Anyone going into business needs to be aware of what taxes they need to pay and when they need to pay them. There are two types of taxes – the ones you must pay, and the ones you may have to pay depending on what you do in your business.
Business Income Tax
Every business must pay tax on its net profit. This is the profit the business has earned once expenses have been subtracted from all revenue. You need to be careful though, as not everything you spend money on in your business will be counted as an ‘expense’.
Some examples of business expenses include:
- Vehicle expenses, transport costs, and travel
- Rent paid on business premises
- Depreciation on assets
- Interest on borrowing money for the business
- Some insurance premiums
- Work uniforms
- Cleaning costs
- Software subscriptions (e.g. accounting software)
- Repairs and maintenance on business equipment
- Home office expenses
- Work-related mobile phones and phone bills
The IRD has strict rules about what does, and does not, count as a business expense. Areas to be particularly careful about are food and drink, entertainment, purchase of assets, staff gifts, and reimbursement of mileage. Sometimes only a portion of these costs are expenses, and sometimes they are not considered expenses at all. Getting advice from an accountant is a good idea.
To claim an expense, you must have a proper record of that expense. In most cases this means having an invoice.
Fixed assets (items costing over $500 which have a useful life of more than a year) are not expenses. Instead, a percentage of the cost (depreciation) is counted as an expense each year.
The rate of tax you pay will depend on your business structure – a company pays tax at a set rate of 28%, whereas sole traders and partnerships pay tax at the relevant personal tax rates. You can find out more about this on the business income tax section of the IRD website.
Factor to Consider
Note that most businesses do not pay their tax in one lump sum at the end of the tax year. Instead, they pay provisional tax in instalments during the year based on estimated profits or actual profits made so far during the year. Although businesses do not have to pay provisional tax payments in their first year, this does not mean the first year in business is tax-free!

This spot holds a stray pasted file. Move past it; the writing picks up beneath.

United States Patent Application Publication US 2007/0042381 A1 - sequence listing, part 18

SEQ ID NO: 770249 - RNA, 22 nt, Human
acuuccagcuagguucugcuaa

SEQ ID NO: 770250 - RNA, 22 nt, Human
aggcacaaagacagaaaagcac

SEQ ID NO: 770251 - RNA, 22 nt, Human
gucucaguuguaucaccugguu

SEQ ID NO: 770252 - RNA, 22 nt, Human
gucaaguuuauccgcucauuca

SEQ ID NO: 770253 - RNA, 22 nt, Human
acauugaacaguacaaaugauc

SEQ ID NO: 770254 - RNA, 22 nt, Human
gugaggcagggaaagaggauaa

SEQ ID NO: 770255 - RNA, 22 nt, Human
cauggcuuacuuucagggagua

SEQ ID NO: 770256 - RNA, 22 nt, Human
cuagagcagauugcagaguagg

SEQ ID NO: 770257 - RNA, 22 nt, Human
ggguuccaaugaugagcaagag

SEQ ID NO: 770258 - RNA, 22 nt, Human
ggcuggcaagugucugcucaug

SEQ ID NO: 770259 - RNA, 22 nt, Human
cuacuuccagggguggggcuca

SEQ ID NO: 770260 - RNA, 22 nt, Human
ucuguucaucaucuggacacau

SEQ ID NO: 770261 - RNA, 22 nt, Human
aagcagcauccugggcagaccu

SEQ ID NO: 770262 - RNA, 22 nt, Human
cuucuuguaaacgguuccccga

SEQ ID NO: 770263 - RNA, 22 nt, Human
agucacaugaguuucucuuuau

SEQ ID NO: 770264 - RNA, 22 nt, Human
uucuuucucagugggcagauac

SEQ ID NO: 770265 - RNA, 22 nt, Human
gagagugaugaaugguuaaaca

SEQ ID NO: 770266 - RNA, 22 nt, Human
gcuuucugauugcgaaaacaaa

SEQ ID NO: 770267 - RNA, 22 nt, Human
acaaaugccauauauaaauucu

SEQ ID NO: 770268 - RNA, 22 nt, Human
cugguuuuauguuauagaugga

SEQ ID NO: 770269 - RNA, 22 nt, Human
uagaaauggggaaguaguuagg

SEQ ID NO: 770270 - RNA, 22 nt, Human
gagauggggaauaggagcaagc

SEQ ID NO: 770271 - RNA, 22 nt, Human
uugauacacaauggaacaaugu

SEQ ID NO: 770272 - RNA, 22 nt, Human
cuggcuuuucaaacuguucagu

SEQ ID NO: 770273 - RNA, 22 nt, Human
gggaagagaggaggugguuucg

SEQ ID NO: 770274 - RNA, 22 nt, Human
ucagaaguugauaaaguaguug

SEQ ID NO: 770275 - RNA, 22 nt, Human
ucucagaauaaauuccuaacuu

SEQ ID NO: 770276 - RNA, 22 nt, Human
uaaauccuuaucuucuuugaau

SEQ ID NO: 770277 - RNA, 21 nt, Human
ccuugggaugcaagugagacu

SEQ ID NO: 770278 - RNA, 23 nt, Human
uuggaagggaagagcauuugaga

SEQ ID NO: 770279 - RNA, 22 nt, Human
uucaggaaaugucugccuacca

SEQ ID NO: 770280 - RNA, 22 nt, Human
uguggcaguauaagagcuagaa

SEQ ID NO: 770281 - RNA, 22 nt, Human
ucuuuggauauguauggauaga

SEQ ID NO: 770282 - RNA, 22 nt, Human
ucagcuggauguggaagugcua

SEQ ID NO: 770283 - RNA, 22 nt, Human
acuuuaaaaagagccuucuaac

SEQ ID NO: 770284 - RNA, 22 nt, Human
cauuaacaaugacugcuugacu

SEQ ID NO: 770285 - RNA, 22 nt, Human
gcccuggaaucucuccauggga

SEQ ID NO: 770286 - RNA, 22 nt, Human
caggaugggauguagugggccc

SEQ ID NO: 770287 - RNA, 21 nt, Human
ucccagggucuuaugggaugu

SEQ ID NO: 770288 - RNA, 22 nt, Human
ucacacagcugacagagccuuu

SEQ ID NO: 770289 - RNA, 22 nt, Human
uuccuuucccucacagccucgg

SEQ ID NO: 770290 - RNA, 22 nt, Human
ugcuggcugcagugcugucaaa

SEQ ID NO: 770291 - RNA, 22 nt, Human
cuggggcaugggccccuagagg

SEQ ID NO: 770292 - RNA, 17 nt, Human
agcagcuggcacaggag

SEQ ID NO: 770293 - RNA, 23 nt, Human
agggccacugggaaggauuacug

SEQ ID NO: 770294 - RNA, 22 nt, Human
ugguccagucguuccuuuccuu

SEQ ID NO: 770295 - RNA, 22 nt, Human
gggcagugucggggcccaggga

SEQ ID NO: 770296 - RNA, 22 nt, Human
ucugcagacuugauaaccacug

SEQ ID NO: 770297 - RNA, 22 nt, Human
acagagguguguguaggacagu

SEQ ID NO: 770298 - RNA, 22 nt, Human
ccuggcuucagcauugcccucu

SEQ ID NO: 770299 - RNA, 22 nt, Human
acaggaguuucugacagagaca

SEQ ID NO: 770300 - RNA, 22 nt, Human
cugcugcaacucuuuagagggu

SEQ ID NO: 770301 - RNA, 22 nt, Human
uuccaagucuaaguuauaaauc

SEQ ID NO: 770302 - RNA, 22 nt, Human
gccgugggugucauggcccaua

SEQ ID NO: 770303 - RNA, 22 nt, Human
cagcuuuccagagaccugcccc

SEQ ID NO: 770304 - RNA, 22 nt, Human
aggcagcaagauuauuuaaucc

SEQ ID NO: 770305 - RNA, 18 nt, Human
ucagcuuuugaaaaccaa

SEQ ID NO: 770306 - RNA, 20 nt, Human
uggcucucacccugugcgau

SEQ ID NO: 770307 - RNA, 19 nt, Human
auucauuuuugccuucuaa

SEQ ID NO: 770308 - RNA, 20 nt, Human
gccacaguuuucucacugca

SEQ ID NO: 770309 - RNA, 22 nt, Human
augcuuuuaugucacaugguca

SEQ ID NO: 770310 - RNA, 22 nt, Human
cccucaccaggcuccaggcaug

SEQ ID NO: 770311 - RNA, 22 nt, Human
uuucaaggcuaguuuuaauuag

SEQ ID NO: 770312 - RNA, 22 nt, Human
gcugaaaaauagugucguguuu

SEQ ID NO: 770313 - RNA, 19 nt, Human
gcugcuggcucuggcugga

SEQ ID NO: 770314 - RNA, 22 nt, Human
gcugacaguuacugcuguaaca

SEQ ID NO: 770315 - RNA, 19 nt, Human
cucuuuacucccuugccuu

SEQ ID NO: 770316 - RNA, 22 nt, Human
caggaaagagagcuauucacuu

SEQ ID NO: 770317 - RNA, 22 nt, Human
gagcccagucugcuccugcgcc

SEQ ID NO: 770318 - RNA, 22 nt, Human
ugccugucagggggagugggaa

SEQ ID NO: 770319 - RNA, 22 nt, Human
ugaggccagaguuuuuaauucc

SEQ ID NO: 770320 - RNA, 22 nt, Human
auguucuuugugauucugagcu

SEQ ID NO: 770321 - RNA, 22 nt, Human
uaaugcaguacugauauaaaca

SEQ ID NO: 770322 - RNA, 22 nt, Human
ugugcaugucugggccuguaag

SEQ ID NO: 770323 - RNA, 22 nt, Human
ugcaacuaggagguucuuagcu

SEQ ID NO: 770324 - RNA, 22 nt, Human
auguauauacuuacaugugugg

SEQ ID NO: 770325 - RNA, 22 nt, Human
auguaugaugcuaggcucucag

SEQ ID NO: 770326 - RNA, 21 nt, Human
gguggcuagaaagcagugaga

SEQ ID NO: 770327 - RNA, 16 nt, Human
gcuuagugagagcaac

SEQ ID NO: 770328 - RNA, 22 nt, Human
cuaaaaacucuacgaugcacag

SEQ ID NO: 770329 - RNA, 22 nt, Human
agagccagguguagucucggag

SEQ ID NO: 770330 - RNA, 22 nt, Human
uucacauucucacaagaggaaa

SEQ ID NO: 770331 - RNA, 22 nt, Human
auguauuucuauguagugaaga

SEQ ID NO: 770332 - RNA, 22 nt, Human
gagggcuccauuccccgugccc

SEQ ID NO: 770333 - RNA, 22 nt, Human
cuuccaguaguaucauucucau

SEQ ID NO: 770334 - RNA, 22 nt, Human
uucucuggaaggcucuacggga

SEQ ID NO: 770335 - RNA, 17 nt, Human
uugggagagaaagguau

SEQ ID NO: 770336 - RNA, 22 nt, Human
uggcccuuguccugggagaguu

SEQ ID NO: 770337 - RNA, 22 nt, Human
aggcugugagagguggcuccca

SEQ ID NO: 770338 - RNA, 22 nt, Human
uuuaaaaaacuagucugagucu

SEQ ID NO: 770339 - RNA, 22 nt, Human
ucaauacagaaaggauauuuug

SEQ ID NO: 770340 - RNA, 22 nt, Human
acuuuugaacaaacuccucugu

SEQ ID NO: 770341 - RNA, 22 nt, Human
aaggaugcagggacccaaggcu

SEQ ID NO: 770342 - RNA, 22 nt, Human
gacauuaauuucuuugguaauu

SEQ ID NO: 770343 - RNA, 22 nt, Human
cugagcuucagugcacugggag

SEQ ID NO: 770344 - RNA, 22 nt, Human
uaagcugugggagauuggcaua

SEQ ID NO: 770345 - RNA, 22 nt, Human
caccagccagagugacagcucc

In New Zealand, workplace injuries are covered by ACC. This is a type of compulsory insurance – you pay an annual levy to the Accident Compensation Corporation (ACC), and in return they provide cover for any workplace injuries. Even if you are self-employed and have no staff, you will need to pay ACC levies to cover yourself. The amount you pay depends on the industry you work in, how much you pay your staff, and your business’s history of work-related injuries.
For more information, consult the ACC website
Goods and Services Tax (GST) is a tax that you collect for the government. You add GST onto the prices you charge customers, and then you pay Inland Revenue the difference between the GST you receive from customers and the GST you’ve paid on all purchases. If you do not register for GST, you cannot charge customers GST and you cannot claim back the GST your business pays on its purchases.
You are only required to register for GST if your business will have a turnover of more than $60,000 in the upcoming 12-month period (or you have exceeded the $60,000 threshold in the previous 12-month period). Note that ‘turnover’ is sales revenue, not profit! If your turnover is less than $60,000 you are not required to register, but can choose to do so if you want.
It is very important to remember that the GST you collect from customers is not your money and should never be treated as such.
PAYE stands for ‘Pay as you Earn’ and applies if you employ staff or if you are paying yourself a salary or wage from your business. Before paying any employees, you are required to deduct the correct amount of PAYE from their salary and wages. This is to cover their income tax and personal ‘earner’ ACC levies. You then need to pay this money to Inland Revenue and ‘file a return’ so Inland Revenue knows how much each employee earned, and what deductions you made.
Using payroll software will help ensure you deduct and pay the right amount of PAYE, as well as keep track of all holiday and leave owing to staff. It can also make the process of filing returns much easier.
Fringe Benefit Tax (FBT)
If you or your employees are receiving ‘perks’ these benefits may be liable for they might be liable for FBT. Common examples of fringe benefits include using a business vehicle for personal use and giving staff discounts on goods and services. Find out more about FBT here.
You will be responsible for deducting any employees’ KiwiSaver contributions from their wages or salary, as well as making employer contributions to your employees’ KiwiSaver funds. These amounts must be paid to Inland Revenue. Find out about your obligations here.
Keeping Business Records
Keeping accurate, up-to-date records of business income and expenditure is essential. You must keep:
- Bank records as it proves what money actually came in (sales) and went out (expenses)
- Invoices you’ve sent to clients for sales or received as expenses. There are minimum requirements as to what information is on these invoices.
- Invoices you’ve received for purchases
- Cashbook, petty cashbook and wage book records
- Records of dividend payments
- Records of interest paid during the year
- Records of fixed assets
- Records of all liabilities (debts)
- Returns filed with Inland Revenue
For more information, refer to the Inland Revenue record keeping checklist.
It is best to use accounting software to help you maintain your business records. There are low-cost options available, and the benefits offered typically far outweigh the cost. Some accounting packages can be used to file your GST, provisional tax, and PAYE returns for you.